The overwintering sites and seasonal abundance of phytoseiid mites were determined in North Carolina Fraser fir Christmas tree plantations. Potential overwintering sites for the mites include Fraser fir branches, Fraser fir bark, surface litter composed of Fraser fir needles, a mixture of fescue grass (Festuca spp.) and nimblewill (Mhlenbergia schreberi J.F. Gmelin.), mixed herbaceous debris from the previous growing season, and a monocultural cover crop of white clover (Trifolium repens L.). Twelve species of mites (n = 414) in the family Phytoseiidae were collected. Arrenoseius morgani (Chant) (n = 160), Typhlodromips sessor (DeLeon) (n = 156), and Typhlodromalus peregrinus (Muma) (n = 34) were the most abundant. During the spring and summer Fraser fir plantations with a ground cover consisting of white clover were compared with plantations with bare ground to assess the abundance and species composition of phytoseiid mites. A total of 512 phytoseiids representing 8 species was collected. Phytoseiid mite abundance was not significantly different between clover ground cover and bare ground plantations. Typhlodromips sessor (DeLeon), Typhlodromalus peregrinus (Muma), and Arrenoseius morgani (Chant) were the most abundant species in both plantation types.
The spruce spider mite, Oligonychus ununguis Jacobi (Acari: Prostigmata), is one of the most detrimental mites attacking conifers (Johnson and Lyon 1994). This pest has a wide host range, is frequently encountered on nursery crops (Lehman 1982), and is especially troublesome in plantation and ornamental plantings (Rose and Lindquist 1977, Johnson and Lyon 1994). It is an important pest of Fraser fir, Abies fraseri (Pursh) Poiret, grown for Christmas trees in North Carolina (Sidebottom 2002).
Predatory mites in the family Phytoseiidae (Acari: Mesostigmata) are significant predators of phytophagous mites in the family Tetranychidae (McMurtry et al. 1970) and many have been extensively studied as biological control agents of mite pests (Moraes et al. 2004). Phytoseiid mites have been observed in North Carolina Fraser fir plantations infested with spruce spider mite (Boyne and Hain 1983), and Boyne (1980) observed an apparent decline in a spruce spider mite population on Fraser fir following an increase in the abundance of Neoseiulus fallacis (Garman). These observations and subsequent research have suggested that Fraser fir production areas may be well suited for a pest control program utilizing phytoseiid mites to control spruce spider mite (Kramer and Hain 1989, Mangini and Hain 2007, Williams et al. 2011).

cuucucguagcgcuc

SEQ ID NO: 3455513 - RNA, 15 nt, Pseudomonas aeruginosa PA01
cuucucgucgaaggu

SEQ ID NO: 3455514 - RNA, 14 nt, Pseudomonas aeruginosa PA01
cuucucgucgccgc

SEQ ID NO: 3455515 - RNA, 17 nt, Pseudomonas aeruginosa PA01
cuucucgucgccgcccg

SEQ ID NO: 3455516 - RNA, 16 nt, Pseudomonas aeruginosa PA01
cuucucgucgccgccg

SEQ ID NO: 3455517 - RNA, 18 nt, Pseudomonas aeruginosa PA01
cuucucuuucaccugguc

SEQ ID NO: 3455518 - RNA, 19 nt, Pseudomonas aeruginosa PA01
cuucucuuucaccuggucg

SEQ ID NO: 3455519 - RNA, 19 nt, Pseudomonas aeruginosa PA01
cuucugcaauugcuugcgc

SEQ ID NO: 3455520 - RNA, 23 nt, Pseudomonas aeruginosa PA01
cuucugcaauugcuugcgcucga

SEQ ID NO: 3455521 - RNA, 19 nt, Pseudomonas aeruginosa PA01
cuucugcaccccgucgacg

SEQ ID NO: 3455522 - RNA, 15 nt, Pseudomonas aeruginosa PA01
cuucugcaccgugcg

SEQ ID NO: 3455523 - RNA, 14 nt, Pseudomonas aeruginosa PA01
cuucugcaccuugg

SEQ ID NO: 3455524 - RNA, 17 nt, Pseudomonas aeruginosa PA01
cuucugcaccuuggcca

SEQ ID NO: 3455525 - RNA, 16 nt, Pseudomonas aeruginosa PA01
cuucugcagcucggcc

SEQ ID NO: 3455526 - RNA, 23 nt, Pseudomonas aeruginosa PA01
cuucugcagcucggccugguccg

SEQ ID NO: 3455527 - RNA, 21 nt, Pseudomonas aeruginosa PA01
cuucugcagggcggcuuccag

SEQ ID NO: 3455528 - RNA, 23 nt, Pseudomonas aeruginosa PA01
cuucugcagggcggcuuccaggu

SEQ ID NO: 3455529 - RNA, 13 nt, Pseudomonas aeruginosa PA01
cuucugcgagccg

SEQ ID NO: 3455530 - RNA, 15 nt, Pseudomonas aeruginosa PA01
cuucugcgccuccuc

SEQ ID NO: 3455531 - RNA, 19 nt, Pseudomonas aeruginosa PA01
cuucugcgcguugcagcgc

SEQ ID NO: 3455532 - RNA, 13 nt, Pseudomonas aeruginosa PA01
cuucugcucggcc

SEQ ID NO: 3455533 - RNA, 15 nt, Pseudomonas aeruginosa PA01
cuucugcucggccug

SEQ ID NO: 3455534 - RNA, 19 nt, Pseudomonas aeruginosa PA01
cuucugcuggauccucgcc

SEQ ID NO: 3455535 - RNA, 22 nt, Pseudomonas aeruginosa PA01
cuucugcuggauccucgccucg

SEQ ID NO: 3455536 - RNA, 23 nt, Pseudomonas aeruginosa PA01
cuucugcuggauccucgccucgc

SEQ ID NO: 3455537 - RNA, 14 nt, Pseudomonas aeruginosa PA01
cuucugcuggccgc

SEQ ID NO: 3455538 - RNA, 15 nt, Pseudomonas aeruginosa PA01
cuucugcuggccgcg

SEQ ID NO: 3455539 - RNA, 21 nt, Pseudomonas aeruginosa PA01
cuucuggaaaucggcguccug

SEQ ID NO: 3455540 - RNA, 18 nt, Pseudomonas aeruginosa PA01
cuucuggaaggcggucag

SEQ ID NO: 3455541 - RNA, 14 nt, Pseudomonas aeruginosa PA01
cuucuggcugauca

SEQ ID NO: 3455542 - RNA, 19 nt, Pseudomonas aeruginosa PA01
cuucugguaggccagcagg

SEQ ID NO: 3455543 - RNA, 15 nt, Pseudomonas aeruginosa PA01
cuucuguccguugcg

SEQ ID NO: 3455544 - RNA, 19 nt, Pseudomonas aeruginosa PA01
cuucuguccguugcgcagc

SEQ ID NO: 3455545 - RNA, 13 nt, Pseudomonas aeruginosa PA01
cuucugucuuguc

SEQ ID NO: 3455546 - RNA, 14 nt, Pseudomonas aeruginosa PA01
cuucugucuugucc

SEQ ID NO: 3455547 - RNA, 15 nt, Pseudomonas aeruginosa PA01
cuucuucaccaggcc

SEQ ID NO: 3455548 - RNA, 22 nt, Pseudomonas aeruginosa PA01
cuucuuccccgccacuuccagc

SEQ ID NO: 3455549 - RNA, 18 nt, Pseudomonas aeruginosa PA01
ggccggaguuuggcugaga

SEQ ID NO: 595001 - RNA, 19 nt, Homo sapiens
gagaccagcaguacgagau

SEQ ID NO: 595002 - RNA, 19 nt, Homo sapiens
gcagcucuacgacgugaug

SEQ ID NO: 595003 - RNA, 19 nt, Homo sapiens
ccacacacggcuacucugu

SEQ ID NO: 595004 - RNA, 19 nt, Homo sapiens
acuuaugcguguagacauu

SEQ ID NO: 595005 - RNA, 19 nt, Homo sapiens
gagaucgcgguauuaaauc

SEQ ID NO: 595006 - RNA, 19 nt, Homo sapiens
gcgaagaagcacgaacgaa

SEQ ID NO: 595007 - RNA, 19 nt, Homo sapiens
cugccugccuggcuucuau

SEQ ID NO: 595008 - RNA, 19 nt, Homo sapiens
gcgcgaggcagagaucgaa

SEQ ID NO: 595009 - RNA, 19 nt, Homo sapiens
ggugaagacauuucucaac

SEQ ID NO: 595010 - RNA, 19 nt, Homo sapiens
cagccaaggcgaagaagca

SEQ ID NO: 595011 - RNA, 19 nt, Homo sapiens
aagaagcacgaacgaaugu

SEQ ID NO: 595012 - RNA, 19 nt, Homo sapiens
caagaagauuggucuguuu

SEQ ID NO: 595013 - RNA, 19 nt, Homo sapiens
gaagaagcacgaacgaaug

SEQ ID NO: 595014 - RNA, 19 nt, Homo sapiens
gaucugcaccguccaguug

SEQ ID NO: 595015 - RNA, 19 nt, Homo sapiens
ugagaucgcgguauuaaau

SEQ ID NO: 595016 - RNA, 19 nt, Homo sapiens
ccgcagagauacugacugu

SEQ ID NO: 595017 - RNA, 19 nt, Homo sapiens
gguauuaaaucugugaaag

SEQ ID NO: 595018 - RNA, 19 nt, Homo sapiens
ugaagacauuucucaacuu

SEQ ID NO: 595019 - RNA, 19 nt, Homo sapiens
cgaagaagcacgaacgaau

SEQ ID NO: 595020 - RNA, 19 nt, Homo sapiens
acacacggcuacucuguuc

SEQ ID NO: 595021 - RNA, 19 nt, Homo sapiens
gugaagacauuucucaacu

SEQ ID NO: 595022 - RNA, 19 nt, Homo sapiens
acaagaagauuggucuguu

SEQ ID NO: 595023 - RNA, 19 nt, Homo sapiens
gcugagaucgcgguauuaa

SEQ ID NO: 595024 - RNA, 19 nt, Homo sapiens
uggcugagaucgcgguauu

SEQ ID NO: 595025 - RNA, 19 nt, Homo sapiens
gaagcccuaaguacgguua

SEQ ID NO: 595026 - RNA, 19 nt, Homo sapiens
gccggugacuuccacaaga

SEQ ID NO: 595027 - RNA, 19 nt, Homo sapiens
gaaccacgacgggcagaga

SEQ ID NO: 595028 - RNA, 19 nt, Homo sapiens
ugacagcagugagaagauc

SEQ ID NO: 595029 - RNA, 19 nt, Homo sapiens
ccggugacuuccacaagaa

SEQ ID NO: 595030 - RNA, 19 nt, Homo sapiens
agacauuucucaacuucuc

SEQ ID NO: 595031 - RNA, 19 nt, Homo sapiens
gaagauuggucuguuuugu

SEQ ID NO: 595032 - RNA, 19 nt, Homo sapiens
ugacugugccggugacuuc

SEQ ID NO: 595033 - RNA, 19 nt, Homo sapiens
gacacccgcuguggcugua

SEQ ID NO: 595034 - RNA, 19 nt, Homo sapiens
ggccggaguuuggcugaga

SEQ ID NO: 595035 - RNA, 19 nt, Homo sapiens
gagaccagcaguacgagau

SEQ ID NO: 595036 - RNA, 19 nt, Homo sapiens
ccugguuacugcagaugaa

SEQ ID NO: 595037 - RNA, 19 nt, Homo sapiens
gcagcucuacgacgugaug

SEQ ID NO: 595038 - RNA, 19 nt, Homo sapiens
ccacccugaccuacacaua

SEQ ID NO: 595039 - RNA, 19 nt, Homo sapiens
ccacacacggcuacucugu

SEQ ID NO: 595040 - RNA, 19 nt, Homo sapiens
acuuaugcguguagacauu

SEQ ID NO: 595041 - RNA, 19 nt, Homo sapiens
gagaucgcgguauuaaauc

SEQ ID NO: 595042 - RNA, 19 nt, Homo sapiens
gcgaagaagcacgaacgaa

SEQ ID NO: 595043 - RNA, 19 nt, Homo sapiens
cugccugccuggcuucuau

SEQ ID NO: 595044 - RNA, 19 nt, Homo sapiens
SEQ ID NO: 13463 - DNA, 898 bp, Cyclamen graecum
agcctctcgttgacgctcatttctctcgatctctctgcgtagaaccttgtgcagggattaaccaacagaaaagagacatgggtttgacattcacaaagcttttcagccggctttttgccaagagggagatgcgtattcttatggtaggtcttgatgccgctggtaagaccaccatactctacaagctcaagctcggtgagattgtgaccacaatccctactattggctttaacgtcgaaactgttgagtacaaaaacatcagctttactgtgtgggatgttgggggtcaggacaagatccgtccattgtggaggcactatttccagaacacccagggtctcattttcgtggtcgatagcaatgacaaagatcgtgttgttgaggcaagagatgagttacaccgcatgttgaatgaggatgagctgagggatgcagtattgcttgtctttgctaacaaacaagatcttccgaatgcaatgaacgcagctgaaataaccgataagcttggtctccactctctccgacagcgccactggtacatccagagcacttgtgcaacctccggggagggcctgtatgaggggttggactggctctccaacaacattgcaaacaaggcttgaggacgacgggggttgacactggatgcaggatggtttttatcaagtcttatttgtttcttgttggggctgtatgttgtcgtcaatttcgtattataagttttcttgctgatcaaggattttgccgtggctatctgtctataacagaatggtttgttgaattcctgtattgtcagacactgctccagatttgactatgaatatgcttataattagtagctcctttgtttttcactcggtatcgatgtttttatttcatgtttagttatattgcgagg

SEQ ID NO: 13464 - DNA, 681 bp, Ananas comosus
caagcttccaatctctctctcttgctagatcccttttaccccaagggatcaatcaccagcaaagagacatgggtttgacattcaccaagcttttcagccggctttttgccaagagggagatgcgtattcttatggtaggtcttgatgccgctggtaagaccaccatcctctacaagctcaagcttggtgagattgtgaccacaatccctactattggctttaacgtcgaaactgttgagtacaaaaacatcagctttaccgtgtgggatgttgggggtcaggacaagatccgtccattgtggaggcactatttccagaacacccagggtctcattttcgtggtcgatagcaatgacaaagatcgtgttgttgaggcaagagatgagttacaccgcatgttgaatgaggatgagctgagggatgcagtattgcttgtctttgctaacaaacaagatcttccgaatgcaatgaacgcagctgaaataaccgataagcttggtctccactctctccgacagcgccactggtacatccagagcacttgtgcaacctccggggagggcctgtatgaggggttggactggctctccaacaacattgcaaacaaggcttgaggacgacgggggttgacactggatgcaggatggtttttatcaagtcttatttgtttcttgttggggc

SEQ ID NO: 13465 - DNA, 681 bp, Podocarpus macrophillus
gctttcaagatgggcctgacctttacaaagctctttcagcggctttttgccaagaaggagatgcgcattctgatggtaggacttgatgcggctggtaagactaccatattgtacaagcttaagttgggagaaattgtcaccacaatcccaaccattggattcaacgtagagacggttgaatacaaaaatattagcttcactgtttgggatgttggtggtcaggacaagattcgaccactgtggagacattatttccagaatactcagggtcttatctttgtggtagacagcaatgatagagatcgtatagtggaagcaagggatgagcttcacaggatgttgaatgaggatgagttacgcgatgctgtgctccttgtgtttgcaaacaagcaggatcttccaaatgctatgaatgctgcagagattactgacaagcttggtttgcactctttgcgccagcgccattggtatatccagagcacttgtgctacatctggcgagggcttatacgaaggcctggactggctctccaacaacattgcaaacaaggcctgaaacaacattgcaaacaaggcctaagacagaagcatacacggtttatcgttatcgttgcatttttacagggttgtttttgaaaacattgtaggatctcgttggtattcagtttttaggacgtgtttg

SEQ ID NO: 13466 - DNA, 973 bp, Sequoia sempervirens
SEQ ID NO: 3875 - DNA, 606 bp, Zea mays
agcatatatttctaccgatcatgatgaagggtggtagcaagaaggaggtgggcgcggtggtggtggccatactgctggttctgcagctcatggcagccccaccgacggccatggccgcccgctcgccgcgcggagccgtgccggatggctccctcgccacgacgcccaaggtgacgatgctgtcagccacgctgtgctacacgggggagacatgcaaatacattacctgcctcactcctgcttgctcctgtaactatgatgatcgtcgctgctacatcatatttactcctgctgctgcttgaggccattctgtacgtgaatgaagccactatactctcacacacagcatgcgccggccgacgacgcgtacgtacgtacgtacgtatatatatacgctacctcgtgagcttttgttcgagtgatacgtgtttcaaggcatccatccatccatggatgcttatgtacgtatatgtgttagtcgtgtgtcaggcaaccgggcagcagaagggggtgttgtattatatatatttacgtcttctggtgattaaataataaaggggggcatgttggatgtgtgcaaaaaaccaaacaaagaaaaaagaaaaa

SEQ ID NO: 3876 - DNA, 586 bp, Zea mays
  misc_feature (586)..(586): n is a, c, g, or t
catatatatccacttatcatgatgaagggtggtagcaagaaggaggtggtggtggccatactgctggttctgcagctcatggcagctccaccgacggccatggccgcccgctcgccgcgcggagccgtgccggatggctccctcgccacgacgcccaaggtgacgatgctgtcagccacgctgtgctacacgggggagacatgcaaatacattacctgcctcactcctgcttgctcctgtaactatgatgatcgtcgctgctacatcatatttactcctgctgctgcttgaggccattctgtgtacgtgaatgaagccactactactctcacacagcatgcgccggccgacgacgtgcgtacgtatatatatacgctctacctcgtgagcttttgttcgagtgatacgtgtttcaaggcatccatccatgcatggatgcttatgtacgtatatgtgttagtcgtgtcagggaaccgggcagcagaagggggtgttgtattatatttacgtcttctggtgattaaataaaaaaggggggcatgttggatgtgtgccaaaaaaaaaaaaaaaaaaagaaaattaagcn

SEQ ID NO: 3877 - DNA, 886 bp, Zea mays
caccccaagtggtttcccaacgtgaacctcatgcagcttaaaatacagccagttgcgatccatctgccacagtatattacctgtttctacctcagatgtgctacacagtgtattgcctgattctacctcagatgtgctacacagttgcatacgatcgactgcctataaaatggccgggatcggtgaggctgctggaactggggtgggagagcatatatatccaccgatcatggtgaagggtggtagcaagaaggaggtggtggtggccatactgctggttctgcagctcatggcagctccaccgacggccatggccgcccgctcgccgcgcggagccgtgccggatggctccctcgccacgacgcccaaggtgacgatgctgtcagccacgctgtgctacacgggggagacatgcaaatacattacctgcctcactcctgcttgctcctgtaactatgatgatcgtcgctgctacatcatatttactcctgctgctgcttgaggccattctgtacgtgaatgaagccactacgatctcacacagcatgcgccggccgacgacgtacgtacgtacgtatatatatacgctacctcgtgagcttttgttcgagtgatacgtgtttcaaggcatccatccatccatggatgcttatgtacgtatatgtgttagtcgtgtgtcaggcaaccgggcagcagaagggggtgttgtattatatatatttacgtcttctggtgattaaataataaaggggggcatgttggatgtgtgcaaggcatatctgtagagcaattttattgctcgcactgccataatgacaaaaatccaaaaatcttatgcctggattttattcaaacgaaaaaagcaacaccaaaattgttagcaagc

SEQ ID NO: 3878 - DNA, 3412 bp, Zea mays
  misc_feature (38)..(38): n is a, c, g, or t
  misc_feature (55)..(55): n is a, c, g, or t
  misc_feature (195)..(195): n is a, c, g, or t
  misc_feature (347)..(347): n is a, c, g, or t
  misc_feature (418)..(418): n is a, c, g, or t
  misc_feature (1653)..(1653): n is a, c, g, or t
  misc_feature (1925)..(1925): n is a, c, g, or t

The seasonal dynamics of natural enemy populations are a vital component of efficacious biological control programs (Khan and Fent 2005). Phytoseiid mites are known to overwinter in a variety of locations on trees and in debris located in close proximity to orchards where perennial crops are grown (Pratt and Croft 2000, Chant 1959, Putman 1959, Leetham and Jorgensen 1969, Knisley and Swift 1971). The predator N. fallacis, for example, overwintered in ground cover debris in Michigan apple orchards (McGroarty and Croft 1978), but this species was found in greater densities overwintering on apple twigs than in ground cover debris in New York apple orchards (Nyrop et al. 1994). Several authors have reported on the overwintering sites of the phytoseiid Typhlodromus pyri Scheuten (Chant 1959, Zacharda 1989) and noted that they spend the winter in bark crevices. Khan and Fent (2005), for example, noted that T. pyri overwintered in the cracks and crevices of older apple tree twigs. These and other studies suggest that ground covers may not influence the population dynamics of some species of phytoseiid mites in at least some perennial crops (Stanyard et al. 1997).
Nonetheless, ground cover is an important component of the Fraser fir IPM program in North Carolina, as it may decrease runoff and sedimentation and influence fertilizer uptake in these agricultural areas (Sidebottom 1997). The effect of naturally-occurring ground cover on phytoseiid mite diversity in Fraser fir production areas has been studied by Mangini and Hain (2007), and Williams et al. (2011) evaluated the abundance and species composition of phytoseiid mites in 4 ground cover crops used in Christmas tree production. Little additional information on phytoseiid mite diversity in Fraser fir trees or their overwintering habitats exists for North Carolina Fraser fir production areas.
The goals of this project were to evaluate potential overwintering refuges of phytoseiid mites in commercial Fraser fir plantations and to compare phytoseiid mite diversity during the spring and summer in Fraser fir with a white clover cover crop to trees grown on bare ground. The results of this study may be potentially useful in a biological control program for spruce spider mites in Fraser fir plantations.
Materials and Methods
Overwintering study. Overwintering studies were conducted from December 2006 to March 2007 in Ashe, Alleghany and Watauga counties in North Carolina. Samples were collected from a total of 37 privately-owned Fraser fir plantations. Twenty of the sampled sites had a mixed herbaceous and grass ground cover during the previous fall and were each sampled once. Seventeen plantations had a ground cover consisting of white clover (Trifolium repens L.) and were all were sampled on a single day, 28 February 2007. Plantation sizes averaged approx. 2 ha in size. Fraser fir tree sizes ranged from 0.3 m to 2.4 m in height and were planted in rows 1.5 m apart.